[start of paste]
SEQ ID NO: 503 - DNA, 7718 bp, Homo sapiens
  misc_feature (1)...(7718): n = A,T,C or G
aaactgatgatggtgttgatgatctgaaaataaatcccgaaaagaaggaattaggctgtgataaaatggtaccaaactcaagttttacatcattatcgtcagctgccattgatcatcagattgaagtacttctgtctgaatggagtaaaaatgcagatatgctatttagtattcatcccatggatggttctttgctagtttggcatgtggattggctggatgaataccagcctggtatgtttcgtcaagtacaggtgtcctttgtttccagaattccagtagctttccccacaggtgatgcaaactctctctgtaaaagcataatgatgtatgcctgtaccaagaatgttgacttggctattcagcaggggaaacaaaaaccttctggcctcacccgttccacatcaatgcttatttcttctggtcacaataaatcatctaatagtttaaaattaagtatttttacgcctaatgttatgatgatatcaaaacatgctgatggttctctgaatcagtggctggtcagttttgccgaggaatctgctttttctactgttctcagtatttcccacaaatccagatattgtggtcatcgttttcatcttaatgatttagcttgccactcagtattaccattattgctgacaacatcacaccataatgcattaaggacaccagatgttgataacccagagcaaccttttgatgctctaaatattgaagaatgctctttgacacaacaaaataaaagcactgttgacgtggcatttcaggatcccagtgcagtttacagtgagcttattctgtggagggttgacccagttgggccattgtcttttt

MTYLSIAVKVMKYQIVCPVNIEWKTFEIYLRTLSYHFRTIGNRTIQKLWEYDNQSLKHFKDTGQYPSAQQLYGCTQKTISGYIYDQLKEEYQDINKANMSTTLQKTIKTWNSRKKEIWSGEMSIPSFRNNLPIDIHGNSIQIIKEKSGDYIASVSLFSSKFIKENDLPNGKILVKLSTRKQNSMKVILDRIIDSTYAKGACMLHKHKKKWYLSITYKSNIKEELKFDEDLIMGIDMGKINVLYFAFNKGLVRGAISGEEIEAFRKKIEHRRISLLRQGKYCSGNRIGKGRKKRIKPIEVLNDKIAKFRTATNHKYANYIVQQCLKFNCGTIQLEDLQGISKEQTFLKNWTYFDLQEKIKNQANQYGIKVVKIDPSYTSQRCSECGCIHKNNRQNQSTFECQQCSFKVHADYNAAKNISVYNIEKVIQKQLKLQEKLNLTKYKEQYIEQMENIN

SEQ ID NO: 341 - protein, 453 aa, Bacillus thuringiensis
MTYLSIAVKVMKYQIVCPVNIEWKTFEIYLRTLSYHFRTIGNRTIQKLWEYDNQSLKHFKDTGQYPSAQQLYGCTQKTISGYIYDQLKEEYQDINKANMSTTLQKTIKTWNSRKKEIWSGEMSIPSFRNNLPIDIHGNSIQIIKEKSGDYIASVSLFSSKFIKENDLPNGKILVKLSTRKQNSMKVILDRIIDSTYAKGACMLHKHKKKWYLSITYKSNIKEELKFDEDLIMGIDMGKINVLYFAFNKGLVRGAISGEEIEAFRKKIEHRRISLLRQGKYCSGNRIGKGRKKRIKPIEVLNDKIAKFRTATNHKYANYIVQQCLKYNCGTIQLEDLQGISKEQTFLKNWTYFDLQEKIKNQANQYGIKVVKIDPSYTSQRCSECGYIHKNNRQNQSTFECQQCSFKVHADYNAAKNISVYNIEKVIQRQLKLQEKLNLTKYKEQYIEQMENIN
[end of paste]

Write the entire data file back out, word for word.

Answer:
SEQ ID NO: 503 - DNA, 7718 bp, Homo sapiens
  misc_feature (1)...(7718): n = A,T,C or G
aaactgatgatggtgttgatgatctgaaaataaatcccgaaaagaaggaattaggctgtgataaaatggtaccaaactcaagttttacatcattatcgtcagctgccattgatcatcagattgaagtacttctgtctgaatggagtaaaaatgcagatatgctatttagtattcatcccatggatggttctttgctagtttggcatgtggattggctggatgaataccagcctggtatgtttcgtcaagtacaggtgtcctttgtttccagaattccagtagctttccccacaggtgatgcaaactctctctgtaaaagcataatgatgtatgcctgtaccaagaatgttgacttggctattcagcaggggaaacaaaaaccttctggcctcacccgttccacatcaatgcttatttcttctggtcacaataaatcatctaatagtttaaaattaagtatttttacgcctaatgttatgatgatatcaaaacatgctgatggttctctgaatcagtggctggtcagttttgccgaggaatctgctttttctactgttctcagtatttcccacaaatccagatattgtggtcatcgttttcatcttaatgatttagcttgccactcagtattaccattattgctgacaacatcacaccataatgcattaaggacaccagatgttgataacccagagcaaccttttgatgctctaaatattgaagaatgctctttgacacaacaaaataaaagcactgttgacgtggcatttcaggatcccagtgcagtttacagtgagcttattctgtggagggttgacccagttgggccattgtcttttt

MTYLSIAVKVMKYQIVCPVNIEWKTFEIYLRTLSYHFRTIGNRTIQKLWEYDNQSLKHFKDTGQYPSAQQLYGCTQKTISGYIYDQLKEEYQDINKANMSTTLQKTIKTWNSRKKEIWSGEMSIPSFRNNLPIDIHGNSIQIIKEKSGDYIASVSLFSSKFIKENDLPNGKILVKLSTRKQNSMKVILDRIIDSTYAKGACMLHKHKKKWYLSITYKSNIKEELKFDEDLIMGIDMGKINVLYFAFNKGLVRGAISGEEIEAFRKKIEHRRISLLRQGKYCSGNRIGKGRKKRIKPIEVLNDKIAKFRTATNHKYANYIVQQCLKFNCGTIQLEDLQGISKEQTFLKNWTYFDLQEKIKNQANQYGIKVVKIDPSYTSQRCSECGCIHKNNRQNQSTFECQQCSFKVHADYNAAKNISVYNIEKVIQKQLKLQEKLNLTKYKEQYIEQMENIN

SEQ ID NO: 341 - protein, 453 aa, Bacillus thuringiensis
MTYLSIAVKVMKYQIVCPVNIEWKTFEIYLRTLSYHFRTIGNRTIQKLWEYDNQSLKHFKDTGQYPSAQQLYGCTQKTISGYIYDQLKEEYQDINKANMSTTLQKTIKTWNSRKKEIWSGEMSIPSFRNNLPIDIHGNSIQIIKEKSGDYIASVSLFSSKFIKENDLPNGKILVKLSTRKQNSMKVILDRIIDSTYAKGACMLHKHKKKWYLSITYKSNIKEELKFDEDLIMGIDMGKINVLYFAFNKGLVRGAISGEEIEAFRKKIEHRRISLLRQGKYCSGNRIGKGRKKRIKPIEVLNDKIAKFRTATNHKYANYIVQQCLKYNCGTIQLEDLQGISKEQTFLKNWTYFDLQEKIKNQANQYGIKVVKIDPSYTSQRCSECGYIHKNNRQNQSTFECQQCSFKVHADYNAAKNISVYNIEKVIQRQLKLQEKLNLTKYKEQYIEQMENIN